Damn it. Now the NHL has its built-in excuse not to return to the Olympics in 2018.
Maybe if Tuukka Rask, Patrice Bergeron, or Zdeno Chara went down in Sochi we’d feel differently about it, but after watching the past week’s thrilling brand of Olympic hockey, the bottom line is that bad news for the New York Islanders shouldn’t be bad news for the rest of us.
Islanders captain John Tavares will miss the rest of the Olympics – not to mention the NHL regular season – after the Canadian forward suffered a torn MCL and meniscus during a collision with Latvia defenseman Arturs Kulda during the second period of Wednesday’s 2-1 win for Team Canada. Tavares’ 24 goals and 66 assists both lead the Islanders, who, with 52 points on the season, trail only the Sabres and the Panthers for the fewest points in the Eastern Conference.
Losing Tavares means little more than draft position for the Islanders, but it could have serious ramifications on what the league decides for the Olympics in South Korea in 2018, something the NHL hopes to have wrapped up over the next six months. To deny the NHL’s involvement in the Olympics has been beneficial is foolhardy. Despite the embarrassment of Jeremy Roenick and company’s initial American foray at Nagano in 1998, the Olympic hockey tournament has never been more exciting or captivating than it’s been since the pros played under the flame. The league has benefited greatly as well over the past 16 years, growing to 30 teams (foolhardily, but nevertheless), has seen household names arise from guys like Zach Parise and TJ Oshie, like only Jim Craig and Mike Eruzione had done before them, and has delivered a handful of the most exciting hockey games ever, including Saturday’s Team USA shootout win over Russia, 2010’s epic gold medal game, and, potentially, Friday’s rematch between Canada and the United States.
The players are passionate about playing for their countries. The NHL gets its product on a global scale that dwarfs any continued ignorance by ESPN. Casual hockey fans get sucked in, creating new revenue avenues for the NHL. How many Americans are walking around with “Oshie” jerseys this week, the factory tag just barely plucked from the stitching? How many kids re-enacted the shootout over the weekend, pretending they were the St. Louis Blues forward in the way backyard Wiffle ball experts buckle in as David Ortiz with the season on the line?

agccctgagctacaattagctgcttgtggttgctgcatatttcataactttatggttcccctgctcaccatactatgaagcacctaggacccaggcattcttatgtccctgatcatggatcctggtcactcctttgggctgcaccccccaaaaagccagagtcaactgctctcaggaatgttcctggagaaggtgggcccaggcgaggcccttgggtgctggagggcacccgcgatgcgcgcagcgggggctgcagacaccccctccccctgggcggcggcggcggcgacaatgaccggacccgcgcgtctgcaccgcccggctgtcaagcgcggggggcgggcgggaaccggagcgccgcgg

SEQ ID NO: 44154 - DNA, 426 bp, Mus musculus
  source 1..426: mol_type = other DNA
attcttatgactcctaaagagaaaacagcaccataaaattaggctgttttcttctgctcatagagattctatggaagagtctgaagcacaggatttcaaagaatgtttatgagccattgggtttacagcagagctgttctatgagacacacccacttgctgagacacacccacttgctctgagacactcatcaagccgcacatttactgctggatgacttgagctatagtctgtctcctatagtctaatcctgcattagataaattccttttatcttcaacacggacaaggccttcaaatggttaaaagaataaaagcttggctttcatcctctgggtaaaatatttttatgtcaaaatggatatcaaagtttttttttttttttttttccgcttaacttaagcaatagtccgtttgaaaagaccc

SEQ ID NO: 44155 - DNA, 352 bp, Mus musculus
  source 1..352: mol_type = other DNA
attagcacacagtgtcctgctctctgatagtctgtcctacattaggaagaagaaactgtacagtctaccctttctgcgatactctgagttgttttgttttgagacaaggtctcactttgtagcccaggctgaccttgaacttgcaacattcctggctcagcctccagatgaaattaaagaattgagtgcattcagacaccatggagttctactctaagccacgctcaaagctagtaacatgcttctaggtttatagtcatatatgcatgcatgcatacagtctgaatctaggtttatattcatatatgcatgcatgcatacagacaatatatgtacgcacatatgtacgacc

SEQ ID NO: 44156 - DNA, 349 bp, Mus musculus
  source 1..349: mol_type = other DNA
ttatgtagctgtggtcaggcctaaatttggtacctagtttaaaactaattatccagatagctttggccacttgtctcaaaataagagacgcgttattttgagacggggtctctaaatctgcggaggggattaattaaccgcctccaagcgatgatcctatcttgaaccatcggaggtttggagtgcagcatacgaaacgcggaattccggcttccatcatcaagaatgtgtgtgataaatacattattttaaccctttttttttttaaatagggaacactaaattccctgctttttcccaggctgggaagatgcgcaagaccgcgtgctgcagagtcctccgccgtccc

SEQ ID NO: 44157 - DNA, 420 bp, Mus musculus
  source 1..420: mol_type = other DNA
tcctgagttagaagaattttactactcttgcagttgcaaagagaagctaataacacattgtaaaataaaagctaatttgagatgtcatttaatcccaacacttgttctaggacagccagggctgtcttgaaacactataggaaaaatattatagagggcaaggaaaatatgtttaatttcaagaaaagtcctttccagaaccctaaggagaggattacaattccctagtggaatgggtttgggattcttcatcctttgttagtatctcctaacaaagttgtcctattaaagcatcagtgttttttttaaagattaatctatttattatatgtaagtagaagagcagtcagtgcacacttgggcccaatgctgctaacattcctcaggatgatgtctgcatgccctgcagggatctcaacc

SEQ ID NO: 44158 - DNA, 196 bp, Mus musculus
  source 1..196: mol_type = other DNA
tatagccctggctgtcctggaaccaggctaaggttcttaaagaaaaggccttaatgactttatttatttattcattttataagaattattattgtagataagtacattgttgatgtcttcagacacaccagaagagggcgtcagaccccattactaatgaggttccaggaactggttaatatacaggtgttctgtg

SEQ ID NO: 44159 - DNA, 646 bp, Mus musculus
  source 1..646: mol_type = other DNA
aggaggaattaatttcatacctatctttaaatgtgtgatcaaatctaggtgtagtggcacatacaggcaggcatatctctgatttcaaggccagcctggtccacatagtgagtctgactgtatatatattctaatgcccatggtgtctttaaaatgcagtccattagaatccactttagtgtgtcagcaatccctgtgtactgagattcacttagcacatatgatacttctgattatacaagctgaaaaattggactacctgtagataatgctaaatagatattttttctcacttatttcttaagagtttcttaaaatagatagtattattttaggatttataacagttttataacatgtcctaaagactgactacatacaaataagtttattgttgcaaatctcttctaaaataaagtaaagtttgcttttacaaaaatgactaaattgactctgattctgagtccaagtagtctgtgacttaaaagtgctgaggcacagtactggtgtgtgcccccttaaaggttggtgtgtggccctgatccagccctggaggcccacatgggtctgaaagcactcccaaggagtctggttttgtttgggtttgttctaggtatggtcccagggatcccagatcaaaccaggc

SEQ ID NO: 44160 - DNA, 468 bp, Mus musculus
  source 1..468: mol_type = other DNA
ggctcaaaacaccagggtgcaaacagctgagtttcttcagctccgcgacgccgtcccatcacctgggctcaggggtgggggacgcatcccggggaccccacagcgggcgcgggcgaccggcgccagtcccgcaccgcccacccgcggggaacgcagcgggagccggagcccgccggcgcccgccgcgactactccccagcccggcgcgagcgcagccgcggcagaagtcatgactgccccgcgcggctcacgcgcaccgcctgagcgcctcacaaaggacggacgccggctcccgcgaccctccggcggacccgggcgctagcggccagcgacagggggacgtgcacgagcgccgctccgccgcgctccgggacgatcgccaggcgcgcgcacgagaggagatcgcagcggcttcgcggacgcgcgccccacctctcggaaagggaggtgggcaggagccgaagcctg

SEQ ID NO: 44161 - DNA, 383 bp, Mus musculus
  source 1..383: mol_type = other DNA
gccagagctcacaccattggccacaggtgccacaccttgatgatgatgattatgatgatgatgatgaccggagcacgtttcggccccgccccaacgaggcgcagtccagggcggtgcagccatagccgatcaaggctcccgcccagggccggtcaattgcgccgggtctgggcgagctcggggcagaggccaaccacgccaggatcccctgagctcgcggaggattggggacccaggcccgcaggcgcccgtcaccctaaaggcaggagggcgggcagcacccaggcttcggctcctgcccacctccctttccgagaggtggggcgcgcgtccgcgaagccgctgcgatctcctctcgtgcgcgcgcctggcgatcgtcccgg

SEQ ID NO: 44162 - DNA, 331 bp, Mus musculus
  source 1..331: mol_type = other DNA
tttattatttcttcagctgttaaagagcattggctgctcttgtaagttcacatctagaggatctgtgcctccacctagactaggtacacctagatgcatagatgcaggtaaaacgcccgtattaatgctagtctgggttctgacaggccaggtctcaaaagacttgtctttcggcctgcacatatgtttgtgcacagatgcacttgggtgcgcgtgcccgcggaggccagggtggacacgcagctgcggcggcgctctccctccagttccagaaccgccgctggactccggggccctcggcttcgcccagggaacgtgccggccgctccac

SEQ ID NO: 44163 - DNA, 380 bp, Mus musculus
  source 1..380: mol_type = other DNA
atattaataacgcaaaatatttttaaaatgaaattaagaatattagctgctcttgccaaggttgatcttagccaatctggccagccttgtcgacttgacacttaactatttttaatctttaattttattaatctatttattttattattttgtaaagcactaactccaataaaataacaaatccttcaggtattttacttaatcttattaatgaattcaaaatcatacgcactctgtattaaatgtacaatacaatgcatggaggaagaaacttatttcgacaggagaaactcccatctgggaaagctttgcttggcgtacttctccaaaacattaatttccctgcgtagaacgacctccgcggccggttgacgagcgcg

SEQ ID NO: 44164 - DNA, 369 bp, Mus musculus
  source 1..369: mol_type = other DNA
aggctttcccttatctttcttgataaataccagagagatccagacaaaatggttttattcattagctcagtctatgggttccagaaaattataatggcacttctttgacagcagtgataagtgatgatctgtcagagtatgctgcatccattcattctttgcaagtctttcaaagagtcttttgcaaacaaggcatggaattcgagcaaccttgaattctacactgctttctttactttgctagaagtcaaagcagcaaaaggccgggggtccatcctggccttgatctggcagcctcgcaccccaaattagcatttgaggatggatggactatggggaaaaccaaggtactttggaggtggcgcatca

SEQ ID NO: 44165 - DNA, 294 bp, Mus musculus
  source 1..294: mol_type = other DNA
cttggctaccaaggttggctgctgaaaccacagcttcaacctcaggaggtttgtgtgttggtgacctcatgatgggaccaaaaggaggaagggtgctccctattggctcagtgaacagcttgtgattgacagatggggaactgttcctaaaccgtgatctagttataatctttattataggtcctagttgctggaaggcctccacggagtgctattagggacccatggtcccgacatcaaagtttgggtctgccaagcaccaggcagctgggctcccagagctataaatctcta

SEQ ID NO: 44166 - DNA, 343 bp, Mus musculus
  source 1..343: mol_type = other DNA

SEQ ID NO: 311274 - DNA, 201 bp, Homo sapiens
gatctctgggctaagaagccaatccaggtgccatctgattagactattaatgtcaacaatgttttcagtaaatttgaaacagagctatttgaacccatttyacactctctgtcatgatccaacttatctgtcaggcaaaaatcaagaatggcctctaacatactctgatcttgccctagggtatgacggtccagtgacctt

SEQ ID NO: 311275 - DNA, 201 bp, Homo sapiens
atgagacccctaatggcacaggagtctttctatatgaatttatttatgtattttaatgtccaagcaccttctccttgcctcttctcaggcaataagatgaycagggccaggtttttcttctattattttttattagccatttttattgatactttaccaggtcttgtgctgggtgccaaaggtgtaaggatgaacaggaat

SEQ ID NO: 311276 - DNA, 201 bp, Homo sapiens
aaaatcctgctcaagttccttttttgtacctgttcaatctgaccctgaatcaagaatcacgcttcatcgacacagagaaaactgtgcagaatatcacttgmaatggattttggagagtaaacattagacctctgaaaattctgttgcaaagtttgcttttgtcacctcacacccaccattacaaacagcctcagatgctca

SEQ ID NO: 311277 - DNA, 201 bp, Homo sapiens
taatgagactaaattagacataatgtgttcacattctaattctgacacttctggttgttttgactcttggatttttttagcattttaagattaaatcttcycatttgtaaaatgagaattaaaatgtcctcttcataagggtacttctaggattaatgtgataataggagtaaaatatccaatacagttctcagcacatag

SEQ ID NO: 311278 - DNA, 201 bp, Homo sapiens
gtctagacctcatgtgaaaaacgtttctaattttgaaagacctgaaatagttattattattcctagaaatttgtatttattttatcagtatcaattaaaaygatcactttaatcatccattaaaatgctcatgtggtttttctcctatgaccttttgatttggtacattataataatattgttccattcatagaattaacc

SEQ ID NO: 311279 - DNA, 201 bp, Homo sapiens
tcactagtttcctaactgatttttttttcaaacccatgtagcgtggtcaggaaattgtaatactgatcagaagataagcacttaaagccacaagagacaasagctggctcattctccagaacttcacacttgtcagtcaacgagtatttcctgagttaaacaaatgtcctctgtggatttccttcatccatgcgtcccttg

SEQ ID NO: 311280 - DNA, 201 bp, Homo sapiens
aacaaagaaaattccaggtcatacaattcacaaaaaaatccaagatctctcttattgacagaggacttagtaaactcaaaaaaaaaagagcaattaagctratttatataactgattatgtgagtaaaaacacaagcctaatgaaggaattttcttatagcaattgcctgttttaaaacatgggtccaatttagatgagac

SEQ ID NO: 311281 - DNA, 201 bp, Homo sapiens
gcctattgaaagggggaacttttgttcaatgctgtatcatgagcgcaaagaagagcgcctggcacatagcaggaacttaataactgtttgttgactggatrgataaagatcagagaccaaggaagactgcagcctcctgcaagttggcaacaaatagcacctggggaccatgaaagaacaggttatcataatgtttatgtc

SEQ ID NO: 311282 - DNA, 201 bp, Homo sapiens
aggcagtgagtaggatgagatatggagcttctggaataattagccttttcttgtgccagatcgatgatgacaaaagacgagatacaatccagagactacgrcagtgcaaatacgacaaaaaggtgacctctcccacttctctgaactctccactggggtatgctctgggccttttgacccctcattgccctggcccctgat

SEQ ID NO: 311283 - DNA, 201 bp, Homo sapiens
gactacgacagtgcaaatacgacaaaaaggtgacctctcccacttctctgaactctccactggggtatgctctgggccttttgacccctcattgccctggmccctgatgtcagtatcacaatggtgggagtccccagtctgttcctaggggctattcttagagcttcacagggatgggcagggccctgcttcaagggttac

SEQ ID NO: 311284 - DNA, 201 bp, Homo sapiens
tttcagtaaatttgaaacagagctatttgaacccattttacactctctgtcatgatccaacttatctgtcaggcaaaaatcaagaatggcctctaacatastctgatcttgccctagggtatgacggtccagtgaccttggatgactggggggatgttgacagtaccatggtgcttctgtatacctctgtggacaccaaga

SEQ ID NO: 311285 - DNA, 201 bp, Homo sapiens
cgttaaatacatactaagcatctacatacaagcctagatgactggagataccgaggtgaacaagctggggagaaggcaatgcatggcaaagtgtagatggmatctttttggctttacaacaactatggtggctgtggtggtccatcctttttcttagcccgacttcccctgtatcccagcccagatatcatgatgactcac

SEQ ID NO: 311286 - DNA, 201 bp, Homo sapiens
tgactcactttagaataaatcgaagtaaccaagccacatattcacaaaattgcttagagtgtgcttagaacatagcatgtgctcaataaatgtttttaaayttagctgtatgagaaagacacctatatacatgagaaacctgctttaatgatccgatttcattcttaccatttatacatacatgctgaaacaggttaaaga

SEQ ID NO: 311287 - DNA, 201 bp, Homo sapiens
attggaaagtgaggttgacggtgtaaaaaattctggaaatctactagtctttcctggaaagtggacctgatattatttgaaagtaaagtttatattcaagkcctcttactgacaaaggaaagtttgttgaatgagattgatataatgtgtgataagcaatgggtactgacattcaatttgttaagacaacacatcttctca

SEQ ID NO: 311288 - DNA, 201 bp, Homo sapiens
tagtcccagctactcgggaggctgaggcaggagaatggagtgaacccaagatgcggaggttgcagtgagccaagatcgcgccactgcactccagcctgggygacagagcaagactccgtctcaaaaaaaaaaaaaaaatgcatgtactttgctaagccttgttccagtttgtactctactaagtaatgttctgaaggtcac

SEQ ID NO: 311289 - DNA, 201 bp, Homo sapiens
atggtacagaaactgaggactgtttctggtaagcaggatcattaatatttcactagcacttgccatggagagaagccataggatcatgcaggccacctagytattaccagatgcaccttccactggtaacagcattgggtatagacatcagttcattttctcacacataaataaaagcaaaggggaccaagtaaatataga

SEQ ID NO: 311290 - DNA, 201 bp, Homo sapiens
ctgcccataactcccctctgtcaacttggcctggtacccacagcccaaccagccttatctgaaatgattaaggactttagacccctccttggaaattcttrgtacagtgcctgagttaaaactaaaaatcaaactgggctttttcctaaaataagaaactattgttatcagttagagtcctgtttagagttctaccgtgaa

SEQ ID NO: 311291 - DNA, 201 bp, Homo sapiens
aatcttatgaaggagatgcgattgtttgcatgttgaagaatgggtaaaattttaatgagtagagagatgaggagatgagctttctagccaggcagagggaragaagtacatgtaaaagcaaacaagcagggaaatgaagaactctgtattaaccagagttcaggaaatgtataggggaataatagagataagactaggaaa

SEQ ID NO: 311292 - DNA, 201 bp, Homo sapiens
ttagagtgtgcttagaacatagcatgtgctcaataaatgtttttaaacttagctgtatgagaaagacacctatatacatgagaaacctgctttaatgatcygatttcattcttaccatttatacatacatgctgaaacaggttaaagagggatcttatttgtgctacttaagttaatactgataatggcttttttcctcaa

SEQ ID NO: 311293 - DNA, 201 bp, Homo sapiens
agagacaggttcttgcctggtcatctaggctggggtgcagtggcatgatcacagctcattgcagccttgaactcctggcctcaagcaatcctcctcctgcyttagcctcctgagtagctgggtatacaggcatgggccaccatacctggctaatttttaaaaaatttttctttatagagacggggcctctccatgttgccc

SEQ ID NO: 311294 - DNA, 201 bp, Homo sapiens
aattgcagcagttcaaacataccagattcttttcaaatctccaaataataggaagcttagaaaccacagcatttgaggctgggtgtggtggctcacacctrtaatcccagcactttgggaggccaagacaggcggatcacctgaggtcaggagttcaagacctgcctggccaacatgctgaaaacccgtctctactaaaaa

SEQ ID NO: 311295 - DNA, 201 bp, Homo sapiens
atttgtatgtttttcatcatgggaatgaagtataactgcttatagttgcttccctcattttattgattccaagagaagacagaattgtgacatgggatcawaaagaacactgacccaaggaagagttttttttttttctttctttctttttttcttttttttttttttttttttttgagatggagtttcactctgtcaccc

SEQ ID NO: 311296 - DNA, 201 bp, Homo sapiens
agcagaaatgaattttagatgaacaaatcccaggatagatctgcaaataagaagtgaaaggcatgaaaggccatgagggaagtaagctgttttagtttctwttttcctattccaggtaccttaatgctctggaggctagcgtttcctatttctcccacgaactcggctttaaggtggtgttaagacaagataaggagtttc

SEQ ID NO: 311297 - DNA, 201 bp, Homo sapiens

But having Gary Bettman in the crosshairs of making the right call is akin to asking your dog for career advice. Many of the owners hate the two-week break that the league has to endure for a handful of its players and personnel. They are, after all, still paying their salaries while they gallivant overseas with no immediate benefit, the only thing that matters to the Jeremy Jacobses of the league. After the Tavares injury, you can bet Islanders owner Charles Wang will have some negative comments to go in line with what Flyers owner Ed Snider had to say earlier this month.
“I haven’t taken a poll, but how can anyone be happy breaking up your season?” Snider asked. “No other league does it. Why should we?
“There’s no benefit to it whatsoever. If anything, I only see negatives. The players want to play and the players’ association has a lot to say about it. As an owner, I think it’s ridiculous.
Bettman will no doubt be in the pockets of the owners, but in a wacky twist of convoluted fate, player representative Donald Fehr could be a white knight when the debate heats up. Fehr said that his decision will be made only after he gets feelers from every player about the benefits of playing in the Olympics. Then we should have a nice tug-of-war between the association and the league, something we haven’t had for 13 whole months now.
Bottom line though: Saturday’s USA-Russia showdown recorded 4.1 million viewers for NBC Sports Network, the most to ever watch a hockey game on the channel. The previous was 4 million last June 17 during Game 3 of the Stanley Cup finals between Boston and Chicago. No, those aren’t even preseason football numbers, but to expect them to be at that level is a little like telling yourself HBO’s “Girls” isn’t among the worst shows of the past decade.
This debate might have been so much juicier had it been a Bruin, Sidney Crosby, Patrick Kane, or Phil Kessel who had gone down. An Islander? A team going nowhere is going to play a major role in the NHL not participating in 2018? Yuck.
Enjoy Friday. Enjoy Sunday. It’s probably the last you’ll see of Olympic hockey as we’ve come to know it over the past five Olympics.
In retrospect, Germany, which did not qualify for the Olympics hockey tournament, would have liked to have had Dennis Seidenberg on its team, had the Bruins defenseman not torn his ACL and MCL against the Calgary Flames in January, an injury that just as well could have happened in Sochi, as could Tavares’ in the first NHL game for the Islanders after the break.
But NHL owners don’t see the colors of the flags during the Olympics. Their eyes are still focused on green, and even though their participation on the worldwide stage may have long-term financial benefits, the immediate risks provide a more compelling argument for the owners protecting their investments, while the good for the game gets brushed aside to be a memorable footnote in Olympic history.